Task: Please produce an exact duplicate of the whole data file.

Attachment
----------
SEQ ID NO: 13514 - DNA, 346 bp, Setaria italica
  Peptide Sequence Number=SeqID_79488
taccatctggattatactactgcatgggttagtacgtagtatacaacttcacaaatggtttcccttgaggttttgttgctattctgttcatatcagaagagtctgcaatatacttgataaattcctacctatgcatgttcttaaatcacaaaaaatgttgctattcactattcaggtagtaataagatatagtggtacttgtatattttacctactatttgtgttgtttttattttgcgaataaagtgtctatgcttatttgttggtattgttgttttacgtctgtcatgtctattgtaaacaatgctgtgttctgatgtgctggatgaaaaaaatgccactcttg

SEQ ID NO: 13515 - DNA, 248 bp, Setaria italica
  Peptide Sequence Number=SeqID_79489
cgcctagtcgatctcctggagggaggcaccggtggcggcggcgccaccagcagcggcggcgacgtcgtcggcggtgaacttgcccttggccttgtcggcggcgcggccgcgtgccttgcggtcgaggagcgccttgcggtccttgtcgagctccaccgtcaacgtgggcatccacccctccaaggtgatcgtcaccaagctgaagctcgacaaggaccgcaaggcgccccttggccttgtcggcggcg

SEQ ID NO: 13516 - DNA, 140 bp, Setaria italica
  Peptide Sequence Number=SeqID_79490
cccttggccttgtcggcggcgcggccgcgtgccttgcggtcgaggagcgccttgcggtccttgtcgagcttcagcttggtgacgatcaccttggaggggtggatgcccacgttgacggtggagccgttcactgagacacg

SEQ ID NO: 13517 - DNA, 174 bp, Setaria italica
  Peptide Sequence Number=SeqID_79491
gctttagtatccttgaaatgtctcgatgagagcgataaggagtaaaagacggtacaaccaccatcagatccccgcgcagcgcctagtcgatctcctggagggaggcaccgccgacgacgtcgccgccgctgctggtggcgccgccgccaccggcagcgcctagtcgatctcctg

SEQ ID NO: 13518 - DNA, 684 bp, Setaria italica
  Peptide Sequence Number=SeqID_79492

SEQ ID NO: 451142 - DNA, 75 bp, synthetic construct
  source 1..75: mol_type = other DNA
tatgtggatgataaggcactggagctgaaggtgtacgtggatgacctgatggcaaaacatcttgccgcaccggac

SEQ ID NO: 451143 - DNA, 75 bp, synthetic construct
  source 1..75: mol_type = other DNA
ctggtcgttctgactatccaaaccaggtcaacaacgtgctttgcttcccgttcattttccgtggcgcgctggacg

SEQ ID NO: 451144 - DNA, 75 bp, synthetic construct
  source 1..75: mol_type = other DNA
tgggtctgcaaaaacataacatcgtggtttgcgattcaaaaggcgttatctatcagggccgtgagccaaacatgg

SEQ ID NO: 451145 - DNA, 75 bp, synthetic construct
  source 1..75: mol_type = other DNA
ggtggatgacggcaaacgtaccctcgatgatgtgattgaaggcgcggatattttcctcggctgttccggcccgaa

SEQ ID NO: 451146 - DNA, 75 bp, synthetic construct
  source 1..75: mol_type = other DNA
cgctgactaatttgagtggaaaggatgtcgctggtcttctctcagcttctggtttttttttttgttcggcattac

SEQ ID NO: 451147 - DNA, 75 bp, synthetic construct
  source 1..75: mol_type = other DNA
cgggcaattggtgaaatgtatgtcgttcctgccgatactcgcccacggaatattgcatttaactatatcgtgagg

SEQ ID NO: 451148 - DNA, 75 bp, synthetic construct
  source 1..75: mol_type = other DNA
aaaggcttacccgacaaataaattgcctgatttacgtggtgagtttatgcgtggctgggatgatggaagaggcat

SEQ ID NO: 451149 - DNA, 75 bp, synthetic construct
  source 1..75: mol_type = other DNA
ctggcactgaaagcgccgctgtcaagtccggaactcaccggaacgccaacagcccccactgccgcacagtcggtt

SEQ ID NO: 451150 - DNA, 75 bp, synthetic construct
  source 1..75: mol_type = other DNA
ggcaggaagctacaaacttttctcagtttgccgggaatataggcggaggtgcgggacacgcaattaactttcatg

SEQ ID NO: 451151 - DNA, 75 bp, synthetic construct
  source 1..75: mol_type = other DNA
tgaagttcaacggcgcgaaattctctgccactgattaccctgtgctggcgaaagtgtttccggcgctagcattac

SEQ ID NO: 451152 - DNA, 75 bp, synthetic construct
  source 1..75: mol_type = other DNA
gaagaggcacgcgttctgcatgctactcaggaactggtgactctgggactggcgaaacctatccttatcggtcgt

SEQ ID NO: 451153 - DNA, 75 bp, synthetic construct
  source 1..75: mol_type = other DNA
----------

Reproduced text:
SEQ ID NO: 13514 - DNA, 346 bp, Setaria italica
  Peptide Sequence Number=SeqID_79488
taccatctggattatactactgcatgggttagtacgtagtatacaacttcacaaatggtttcccttgaggttttgttgctattctgttcatatcagaagagtctgcaatatacttgataaattcctacctatgcatgttcttaaatcacaaaaaatgttgctattcactattcaggtagtaataagatatagtggtacttgtatattttacctactatttgtgttgtttttattttgcgaataaagtgtctatgcttatttgttggtattgttgttttacgtctgtcatgtctattgtaaacaatgctgtgttctgatgtgctggatgaaaaaaatgccactcttg

SEQ ID NO: 13515 - DNA, 248 bp, Setaria italica
  Peptide Sequence Number=SeqID_79489
cgcctagtcgatctcctggagggaggcaccggtggcggcggcgccaccagcagcggcggcgacgtcgtcggcggtgaacttgcccttggccttgtcggcggcgcggccgcgtgccttgcggtcgaggagcgccttgcggtccttgtcgagctccaccgtcaacgtgggcatccacccctccaaggtgatcgtcaccaagctgaagctcgacaaggaccgcaaggcgccccttggccttgtcggcggcg

SEQ ID NO: 13516 - DNA, 140 bp, Setaria italica
  Peptide Sequence Number=SeqID_79490
cccttggccttgtcggcggcgcggccgcgtgccttgcggtcgaggagcgccttgcggtccttgtcgagcttcagcttggtgacgatcaccttggaggggtggatgcccacgttgacggtggagccgttcactgagacacg

SEQ ID NO: 13517 - DNA, 174 bp, Setaria italica
  Peptide Sequence Number=SeqID_79491
gctttagtatccttgaaatgtctcgatgagagcgataaggagtaaaagacggtacaaccaccatcagatccccgcgcagcgcctagtcgatctcctggagggaggcaccgccgacgacgtcgccgccgctgctggtggcgccgccgccaccggcagcgcctagtcgatctcctg

SEQ ID NO: 13518 - DNA, 684 bp, Setaria italica
  Peptide Sequence Number=SeqID_79492

SEQ ID NO: 451142 - DNA, 75 bp, synthetic construct
  source 1..75: mol_type = other DNA
tatgtggatgataaggcactggagctgaaggtgtacgtggatgacctgatggcaaaacatcttgccgcaccggac

SEQ ID NO: 451143 - DNA, 75 bp, synthetic construct
  source 1..75: mol_type = other DNA
ctggtcgttctgactatccaaaccaggtcaacaacgtgctttgcttcccgttcattttccgtggcgcgctggacg

SEQ ID NO: 451144 - DNA, 75 bp, synthetic construct
  source 1..75: mol_type = other DNA
tgggtctgcaaaaacataacatcgtggtttgcgattcaaaaggcgttatctatcagggccgtgagccaaacatgg

SEQ ID NO: 451145 - DNA, 75 bp, synthetic construct
  source 1..75: mol_type = other DNA
ggtggatgacggcaaacgtaccctcgatgatgtgattgaaggcgcggatattttcctcggctgttccggcccgaa

SEQ ID NO: 451146 - DNA, 75 bp, synthetic construct
  source 1..75: mol_type = other DNA
cgctgactaatttgagtggaaaggatgtcgctggtcttctctcagcttctggtttttttttttgttcggcattac

SEQ ID NO: 451147 - DNA, 75 bp, synthetic construct
  source 1..75: mol_type = other DNA
cgggcaattggtgaaatgtatgtcgttcctgccgatactcgcccacggaatattgcatttaactatatcgtgagg

SEQ ID NO: 451148 - DNA, 75 bp, synthetic construct
  source 1..75: mol_type = other DNA
aaaggcttacccgacaaataaattgcctgatttacgtggtgagtttatgcgtggctgggatgatggaagaggcat

SEQ ID NO: 451149 - DNA, 75 bp, synthetic construct
  source 1..75: mol_type = other DNA
ctggcactgaaagcgccgctgtcaagtccggaactcaccggaacgccaacagcccccactgccgcacagtcggtt

SEQ ID NO: 451150 - DNA, 75 bp, synthetic construct
  source 1..75: mol_type = other DNA
ggcaggaagctacaaacttttctcagtttgccgggaatataggcggaggtgcgggacacgcaattaactttcatg

SEQ ID NO: 451151 - DNA, 75 bp, synthetic construct
  source 1..75: mol_type = other DNA
tgaagttcaacggcgcgaaattctctgccactgattaccctgtgctggcgaaagtgtttccggcgctagcattac

SEQ ID NO: 451152 - DNA, 75 bp, synthetic construct
  source 1..75: mol_type = other DNA
gaagaggcacgcgttctgcatgctactcaggaactggtgactctgggactggcgaaacctatccttatcggtcgt

SEQ ID NO: 451153 - DNA, 75 bp, synthetic construct
  source 1..75: mol_type = other DNA